Rowan Trees (Sorbus aucuparia)

The European Rowan or Mountain Ash is the only Rowan native to Great Britain however related varieties including the Common Whitebeam (Sorbus aria) and the Service Tree (Sorbus domestica) happily grow in our climate.

A deciduous tree with an almost shrubby appearance, the Rowan is ideal for gardens, schools and streets as it naturally grows no more than 9 meters high and can withstand frost more than most other trees.

With beautiful white flowers in late spring, the abundance of bright red berries in autumn provide the main attraction and are still used in parts of Scotland to create national wines, jams and sauces.

Silver Birch Tree (Betula pendula)

The Silver Birch is the most common and most beautiful of Birch trees. Native to Europe and North Asia, this is the national tree of Finland and has distinctive silver bark and tooth edged leaves that create a highly attractive specimen.

Reaching a maximum of 20 meters in its relatively short ten year life span, the Silver Birch attracts a varied form of wildlife thanks to the shelter and food it can offer.

Most at home in wet, boggy ground, this tree will not block sunlight from the garden and is ideal as a decorative canopy to any ground level display.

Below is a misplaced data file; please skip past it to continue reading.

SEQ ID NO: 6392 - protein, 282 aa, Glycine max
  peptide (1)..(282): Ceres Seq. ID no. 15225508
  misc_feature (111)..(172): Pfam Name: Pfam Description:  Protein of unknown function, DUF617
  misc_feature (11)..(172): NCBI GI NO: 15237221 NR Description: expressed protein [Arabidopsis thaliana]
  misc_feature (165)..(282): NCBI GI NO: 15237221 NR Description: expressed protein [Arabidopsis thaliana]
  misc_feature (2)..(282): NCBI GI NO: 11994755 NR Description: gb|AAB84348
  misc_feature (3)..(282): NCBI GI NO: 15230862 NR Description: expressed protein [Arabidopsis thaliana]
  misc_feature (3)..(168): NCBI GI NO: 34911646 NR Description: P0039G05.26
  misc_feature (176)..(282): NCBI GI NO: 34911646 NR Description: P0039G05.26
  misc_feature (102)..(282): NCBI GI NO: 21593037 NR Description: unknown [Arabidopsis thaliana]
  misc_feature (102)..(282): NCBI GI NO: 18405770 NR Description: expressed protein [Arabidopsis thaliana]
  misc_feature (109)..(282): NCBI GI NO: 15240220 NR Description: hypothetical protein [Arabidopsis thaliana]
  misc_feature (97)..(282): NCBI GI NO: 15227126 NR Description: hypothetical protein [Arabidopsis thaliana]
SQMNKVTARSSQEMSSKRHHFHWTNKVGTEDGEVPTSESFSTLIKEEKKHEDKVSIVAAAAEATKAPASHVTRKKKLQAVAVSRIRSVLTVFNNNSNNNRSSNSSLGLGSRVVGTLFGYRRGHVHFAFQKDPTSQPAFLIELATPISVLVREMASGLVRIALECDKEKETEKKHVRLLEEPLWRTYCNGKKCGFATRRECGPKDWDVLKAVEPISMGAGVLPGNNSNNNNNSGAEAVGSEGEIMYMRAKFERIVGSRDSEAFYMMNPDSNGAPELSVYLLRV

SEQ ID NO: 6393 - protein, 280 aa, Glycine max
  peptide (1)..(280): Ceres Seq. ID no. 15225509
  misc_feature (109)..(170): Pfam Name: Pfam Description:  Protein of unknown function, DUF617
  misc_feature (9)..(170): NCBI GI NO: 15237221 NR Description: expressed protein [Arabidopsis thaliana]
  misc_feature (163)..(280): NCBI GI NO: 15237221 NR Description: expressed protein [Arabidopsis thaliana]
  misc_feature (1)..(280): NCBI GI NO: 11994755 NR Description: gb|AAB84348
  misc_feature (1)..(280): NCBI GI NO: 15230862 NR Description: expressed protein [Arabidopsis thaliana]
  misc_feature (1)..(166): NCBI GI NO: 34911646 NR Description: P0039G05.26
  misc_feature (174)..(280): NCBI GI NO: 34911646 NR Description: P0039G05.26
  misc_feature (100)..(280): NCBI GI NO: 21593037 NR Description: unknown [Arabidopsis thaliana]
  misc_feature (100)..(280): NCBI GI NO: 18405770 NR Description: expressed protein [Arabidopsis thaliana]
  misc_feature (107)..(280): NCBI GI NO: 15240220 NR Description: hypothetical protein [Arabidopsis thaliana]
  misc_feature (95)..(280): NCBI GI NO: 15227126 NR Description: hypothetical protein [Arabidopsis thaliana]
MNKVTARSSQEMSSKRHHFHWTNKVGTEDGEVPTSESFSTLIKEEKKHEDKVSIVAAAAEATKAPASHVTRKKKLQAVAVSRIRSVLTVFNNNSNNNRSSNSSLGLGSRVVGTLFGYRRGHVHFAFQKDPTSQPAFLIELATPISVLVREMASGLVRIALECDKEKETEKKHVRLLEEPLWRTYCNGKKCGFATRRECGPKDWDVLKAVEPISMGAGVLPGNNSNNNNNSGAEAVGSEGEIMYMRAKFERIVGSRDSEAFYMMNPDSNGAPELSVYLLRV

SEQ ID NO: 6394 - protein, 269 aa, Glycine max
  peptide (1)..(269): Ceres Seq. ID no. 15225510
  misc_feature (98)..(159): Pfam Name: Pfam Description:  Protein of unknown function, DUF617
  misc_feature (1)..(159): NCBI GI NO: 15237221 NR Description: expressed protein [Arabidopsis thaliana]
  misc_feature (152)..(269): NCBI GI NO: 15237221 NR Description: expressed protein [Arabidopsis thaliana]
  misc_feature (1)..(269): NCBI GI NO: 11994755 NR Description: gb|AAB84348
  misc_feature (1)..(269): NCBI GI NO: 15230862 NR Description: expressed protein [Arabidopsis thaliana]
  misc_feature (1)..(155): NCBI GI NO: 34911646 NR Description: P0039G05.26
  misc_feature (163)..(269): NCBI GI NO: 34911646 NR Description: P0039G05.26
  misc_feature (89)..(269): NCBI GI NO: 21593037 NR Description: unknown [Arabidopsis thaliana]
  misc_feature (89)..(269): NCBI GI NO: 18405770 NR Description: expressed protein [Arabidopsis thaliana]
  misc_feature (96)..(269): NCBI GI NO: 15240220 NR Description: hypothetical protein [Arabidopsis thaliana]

Scots Pine (Pinus sylvestris)

The Scots Pine is the only one of this group of evergreen conifers that is native to the British Isles, though related varieties including the Corsican Pine (Pinus nigra var. maritima) are equally at home here.

Able to achieve heights of 36 meters in its 250 year life span, this variety is distinguished by the pinky colour at the top of the bark and paired needles that are usually twisted and shorter than other varieties.

Pines are an essential element to sustaining our environment as they provide some of the last remaining habitats for the endangered red squirrel however are becoming much rarer as the demand for its timber increases.

Willow Tree

When most people think of the Willow Tree they think of the Weeping Willow (Salix chrysochoma) with its long pendulous branches that sweep down into the water. However all species of Willow are not alike and though some do enjoy water logged environments such as the Crack Willow (Salix fragilis) and the Bay Willow (Salix pentandra), other varieties including the Pussy Willow (Salix caprea) prefer moist but well drained soil.

In general, willows are quick growing trees that produce soft catkins commonly used in the flower arrangements and indoor decorations. They are incredibly useful in gardens and arboretums due to the draw of their flowers to the common bee while though their long and hardy root structure can cause issues in smaller areas; they can also be invaluable in protecting eroded soils from further destruction.